Evan’s story with DJ’ing is a little different, “I fell into DJ’ing accidentally because my mates from around the corner wanted to do a few bits and pieces and I was like ‘yeah I know how to produce and put a few tracks together’. So, I bought myself a Numark controller because I needed to create scratch sounds and then I guess I started to play house parties simply because I had the decks. I actually used to do the under-age discos around Dundrum back in the day too. From there and doing that hip-hop stuff accidentally in a way just led to where I am now.”

So, I witnessed first-hand how these two work and the word gas doesn’t even cut it. They literally speak in tongues to each-other and next thing you hear this crazy unreal song that is so catchy. I wanted to get the lads perspective on how they find working together.

Both Evan and Jamal agreed that they just go with the flow of whatever comes up on the day they’re working together. Evan jumped in by adding, “working with Jamal isn’t how I would usually work with a lot of other people. With the whole band situation, we’ll work in quite a structured way and there’s a lot of theory — like we might approach it from a classical angle but with Jamal it’s more, ‘yeah.. that bangs’. We let thing really just flow and then the theory and structure usually comes after, which in some ways is probably a better way to work.”

We finished up the interview chatting about how the lads find their Creative Flow.

Jamal talked about how he finds his Creative Flow usually in his room creating music, “I’d nearly always have to have the right mindset to find that flow. Like, normally if I’m upset about something or my heads all over the place, I can’t really manifest anything but the odd time, if I feel quite emotional I can manifest those feelings into something that bangs.. but that’s a rare occasion.”

Evan talked about how when he’s performing it’s like driving a ship type of flow but when he’s in the studio at home, that’s where he finds a real Creative Flow. “Honestly, I find the weather gives me a type of flow as well — like if it’s raining out, I’ll look out the window and meditate on it for a minute before going back into what I’m doing out and lashing out a song. It’s definitely at home or in a jam room playing with people though, that’s where I find my truest flow. It’s never on a stage because everything’s pre-written.” Jamal agreed with Evan’s point on not finding a flow while on a stage but they both oddly agreed that with DJ’ing it’s different. “I don’t pre-meditate my sets, it always just happens. Like, if I’m mixing techno, well that’s the buzz — wherever I’ll be playing will need to get out as many decks as they have in the gaff, I’ll lay all them out, treat each deck as a different instrument and I’ll just then make something mad out of them all together.”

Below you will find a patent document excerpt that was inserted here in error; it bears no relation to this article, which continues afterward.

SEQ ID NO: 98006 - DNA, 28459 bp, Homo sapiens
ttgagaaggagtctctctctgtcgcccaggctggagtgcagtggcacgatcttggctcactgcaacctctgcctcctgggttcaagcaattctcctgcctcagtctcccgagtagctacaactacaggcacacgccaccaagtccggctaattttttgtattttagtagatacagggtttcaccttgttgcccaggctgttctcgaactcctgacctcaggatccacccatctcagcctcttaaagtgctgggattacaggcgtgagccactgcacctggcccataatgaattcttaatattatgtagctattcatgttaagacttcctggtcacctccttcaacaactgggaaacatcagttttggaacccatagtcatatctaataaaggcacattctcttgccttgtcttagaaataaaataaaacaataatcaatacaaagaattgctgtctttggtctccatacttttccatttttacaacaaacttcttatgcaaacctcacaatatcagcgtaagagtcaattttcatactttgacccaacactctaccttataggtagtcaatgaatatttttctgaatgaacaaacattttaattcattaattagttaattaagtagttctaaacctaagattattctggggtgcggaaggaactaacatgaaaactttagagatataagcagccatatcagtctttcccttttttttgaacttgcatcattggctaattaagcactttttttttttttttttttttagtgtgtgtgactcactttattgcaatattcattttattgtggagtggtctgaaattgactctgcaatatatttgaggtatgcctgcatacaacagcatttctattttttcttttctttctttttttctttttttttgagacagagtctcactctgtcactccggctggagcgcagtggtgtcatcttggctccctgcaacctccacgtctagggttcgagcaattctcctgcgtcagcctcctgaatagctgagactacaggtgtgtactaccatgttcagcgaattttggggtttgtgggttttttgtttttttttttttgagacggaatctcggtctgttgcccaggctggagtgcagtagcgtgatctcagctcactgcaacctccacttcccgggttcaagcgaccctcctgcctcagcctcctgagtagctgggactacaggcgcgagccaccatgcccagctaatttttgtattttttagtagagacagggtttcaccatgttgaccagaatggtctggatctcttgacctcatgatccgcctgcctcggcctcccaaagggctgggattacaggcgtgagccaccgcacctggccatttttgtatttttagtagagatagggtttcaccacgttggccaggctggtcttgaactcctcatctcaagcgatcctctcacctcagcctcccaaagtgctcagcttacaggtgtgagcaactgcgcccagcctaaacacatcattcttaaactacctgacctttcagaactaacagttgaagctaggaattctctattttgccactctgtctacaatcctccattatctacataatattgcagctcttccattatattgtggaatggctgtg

Hand on heart, listening back to this interview that I recorded on my phone was just so interesting. The lads really are such funky souls with the best outlook on music and life. They both are very chill people who believe in manifesting great music from their minds and being in the right headspace to do that. I think it’s an aspect of art that from the outside looking in, you’d honestly forget. Even talking about their DJ’ing experiences and how they contrast with producing so much in a way was really profound.

I really hope whoever is reading this can take away something from it and appreciate these two talented souls and musicians, because they really are so talented.

On a side note, Creative Flow sadly has been interrupted by lockdown but I have the final three interviews planned and I hope to wrap this all up before next year. If that doesn’t happen, so be it. I am just so grateful to have gotten to have to many really fascinating conversations with truly incredible people and to be able to then share their talent makes my heart so happy. I feel grateful for what’s already been created and that my friends have been so willing to be involved in all of this.

If you haven’t already given my Creative Flow chat with Naturopathic Nutritionist, Noelle Crehan a read, then click here.

Till the next one,

Mind yourself & stay safe,

Sarah.